10 Best Foreign Film Directors Working Today

What possible analogies could you draw with cinema? I have always thought of cinema as food. Some taste good. Some don’t. But ultimately, you can’t live without it.  Our tastes evolve with time, our experiences in life and our discovery of more films from across the world that transcend cultural barriers and the boundaries of universal human sensibilities. But for most of us cinephiles, the tryst with serious cinema began with Hollywood. And Hollywood has played a huge part in shaping up my tastes and perspectives on cinema. And why not? This is a film industry that could boast about its rich cinematic culture right from the times of the great Charlie Chaplin, Alfred Hitchcock, Stanley Kubrick, Martin Scorsese, Steven Spielberg to the modern-day mavericks Paul Thomas Anderson, Richard Linklater and Christopher Nolan. But there is a lot more. And I really mean a lot more to cinema than the single-most dominating film industry in the world.

The term “World Cinema” in itself is an interesting one. An evolved term that has come to be referred from the English speaking countries’ perspective. World Cinema, or foreign language cinema, includes films from countries where English is not spoken or not the first language. While some film geeks here might be familiar with the works of revered cinematic visionaries like Andrei Tarkovsky, Ingmar Bergman and Jean-Luc Godard, chances are most people looking to explore the vast ocean of cinema beyond Hollywood might not be aware of the works of some of the most renowned auteurs working in world cinema today which brings me to the focus of this article.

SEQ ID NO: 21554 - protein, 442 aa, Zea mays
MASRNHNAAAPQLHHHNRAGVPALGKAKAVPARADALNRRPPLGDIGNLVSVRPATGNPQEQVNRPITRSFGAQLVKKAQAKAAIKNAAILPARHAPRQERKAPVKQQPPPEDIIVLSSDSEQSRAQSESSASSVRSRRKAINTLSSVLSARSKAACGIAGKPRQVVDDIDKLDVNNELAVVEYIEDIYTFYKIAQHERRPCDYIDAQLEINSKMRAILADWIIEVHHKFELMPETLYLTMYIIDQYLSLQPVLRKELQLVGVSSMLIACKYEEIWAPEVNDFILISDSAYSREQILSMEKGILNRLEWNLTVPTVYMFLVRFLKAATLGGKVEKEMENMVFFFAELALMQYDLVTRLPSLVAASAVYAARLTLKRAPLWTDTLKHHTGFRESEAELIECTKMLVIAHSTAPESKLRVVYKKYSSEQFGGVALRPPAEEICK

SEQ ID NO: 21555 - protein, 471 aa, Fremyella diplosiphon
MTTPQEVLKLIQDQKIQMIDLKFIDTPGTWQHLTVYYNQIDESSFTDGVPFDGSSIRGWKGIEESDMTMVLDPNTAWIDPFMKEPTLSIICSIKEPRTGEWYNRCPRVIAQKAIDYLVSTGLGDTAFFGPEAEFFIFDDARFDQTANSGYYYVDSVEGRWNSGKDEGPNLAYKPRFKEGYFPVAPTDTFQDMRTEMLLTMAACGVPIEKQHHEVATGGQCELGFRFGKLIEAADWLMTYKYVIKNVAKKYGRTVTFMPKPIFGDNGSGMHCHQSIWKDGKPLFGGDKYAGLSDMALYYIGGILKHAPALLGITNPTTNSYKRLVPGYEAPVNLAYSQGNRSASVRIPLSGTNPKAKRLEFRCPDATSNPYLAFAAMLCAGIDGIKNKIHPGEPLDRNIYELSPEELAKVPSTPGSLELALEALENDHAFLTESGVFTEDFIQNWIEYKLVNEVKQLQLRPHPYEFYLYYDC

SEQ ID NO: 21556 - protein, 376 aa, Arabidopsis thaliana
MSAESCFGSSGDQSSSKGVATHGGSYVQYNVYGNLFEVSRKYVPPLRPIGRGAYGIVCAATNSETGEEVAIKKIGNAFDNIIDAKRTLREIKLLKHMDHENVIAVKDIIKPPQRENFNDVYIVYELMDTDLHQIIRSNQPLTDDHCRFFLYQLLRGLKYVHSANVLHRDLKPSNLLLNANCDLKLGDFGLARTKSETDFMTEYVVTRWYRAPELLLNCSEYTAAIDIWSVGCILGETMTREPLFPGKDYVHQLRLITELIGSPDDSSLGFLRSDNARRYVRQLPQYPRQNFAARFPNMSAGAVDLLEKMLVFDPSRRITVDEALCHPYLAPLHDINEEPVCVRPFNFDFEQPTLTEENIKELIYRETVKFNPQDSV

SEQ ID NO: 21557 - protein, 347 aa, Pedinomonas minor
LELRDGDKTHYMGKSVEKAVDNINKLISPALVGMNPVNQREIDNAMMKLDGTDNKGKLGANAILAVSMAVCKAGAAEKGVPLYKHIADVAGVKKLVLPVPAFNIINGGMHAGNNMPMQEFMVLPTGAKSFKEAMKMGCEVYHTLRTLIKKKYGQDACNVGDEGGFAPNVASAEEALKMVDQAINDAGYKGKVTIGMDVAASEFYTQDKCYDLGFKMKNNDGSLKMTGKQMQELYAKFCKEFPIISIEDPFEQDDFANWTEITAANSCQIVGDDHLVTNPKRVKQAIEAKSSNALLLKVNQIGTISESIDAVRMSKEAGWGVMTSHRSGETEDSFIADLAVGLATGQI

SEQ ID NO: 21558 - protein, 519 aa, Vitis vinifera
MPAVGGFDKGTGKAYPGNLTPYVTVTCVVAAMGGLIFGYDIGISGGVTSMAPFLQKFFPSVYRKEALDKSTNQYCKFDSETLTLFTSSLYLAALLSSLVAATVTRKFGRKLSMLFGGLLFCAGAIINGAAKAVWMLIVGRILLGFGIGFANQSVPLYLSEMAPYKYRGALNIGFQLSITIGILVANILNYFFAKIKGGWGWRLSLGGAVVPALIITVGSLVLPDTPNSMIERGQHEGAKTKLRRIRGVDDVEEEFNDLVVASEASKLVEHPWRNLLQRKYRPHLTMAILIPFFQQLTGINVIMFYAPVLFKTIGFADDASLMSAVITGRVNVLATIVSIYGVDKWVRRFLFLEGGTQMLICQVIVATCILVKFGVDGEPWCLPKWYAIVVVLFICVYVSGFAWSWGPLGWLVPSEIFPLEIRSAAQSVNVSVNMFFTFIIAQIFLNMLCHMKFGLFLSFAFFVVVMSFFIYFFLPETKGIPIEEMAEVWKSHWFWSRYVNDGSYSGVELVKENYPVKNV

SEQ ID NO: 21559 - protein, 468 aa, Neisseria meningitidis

This list that I am going to present here takes a look at directors from world cinema who are at the peak of their artistic and creative powers. I have deliberately avoided foreign filmmakers who have established their careers in Hollywood today like Alejandro Inarritu, Alfonso Cuaron just to provide maximum variety to the list. As you know, every list is subjective and this list here, is my take on the most exciting foreign filmmakers working in world cinema today. Here they are:

10. Park Chan-wook

Park Chan-wook is a name that is widely popular in movie buff circles thanks to his stylish, seductive Vengeance trilogy. And to exclude this South Korean maverick from this list would seem almost blasphemous to contemporary film fanatics since his 2003 cult classic mystery thriller, ‘Oldboy’ is the ultimate epitome of cinema at its most exciting and riveting form. His films are known for their extremely violent content, impeccable framing, bizarre blend of humor and brutality and subjects that rip human hearts with its ferocity and tragic honesty. His latest work ‘The Handmaiden’, an astonishingly original, ingenious piece of work has garnered strong critical praise and was listed on numerous critics’ top 10 lists, further consolidating his status as one of the best directors working in cinema today.


9. Jacques Audiard

It wouldn’t be an overstatement to say that Jacques Audiard would have clinched his place on this list even with the sole backing of his 2009 prison drama, ‘A Prophet’ for such was the impact he made on contemporary cinema with this masterpiece of a film. His films are often riveting portrayals of people whose lives take a tragic turn, leaving them to embrace nothing but the inevitable. Audiard’s films tightly balance the essential elements of contemporary art-house dramas while managing to speak for a wider section of mainstream audience. His daring ambitions have often succeeded in breaking the cultural barriers with stories that address complex political issues, amplifying the voices of the people ignored by the government and the society. Over the years, Audiard has been the recipient of numerous awards and nominations from film festivals across the world, making him the most exciting contemporary French filmmaker.


8. Bong Joon-ho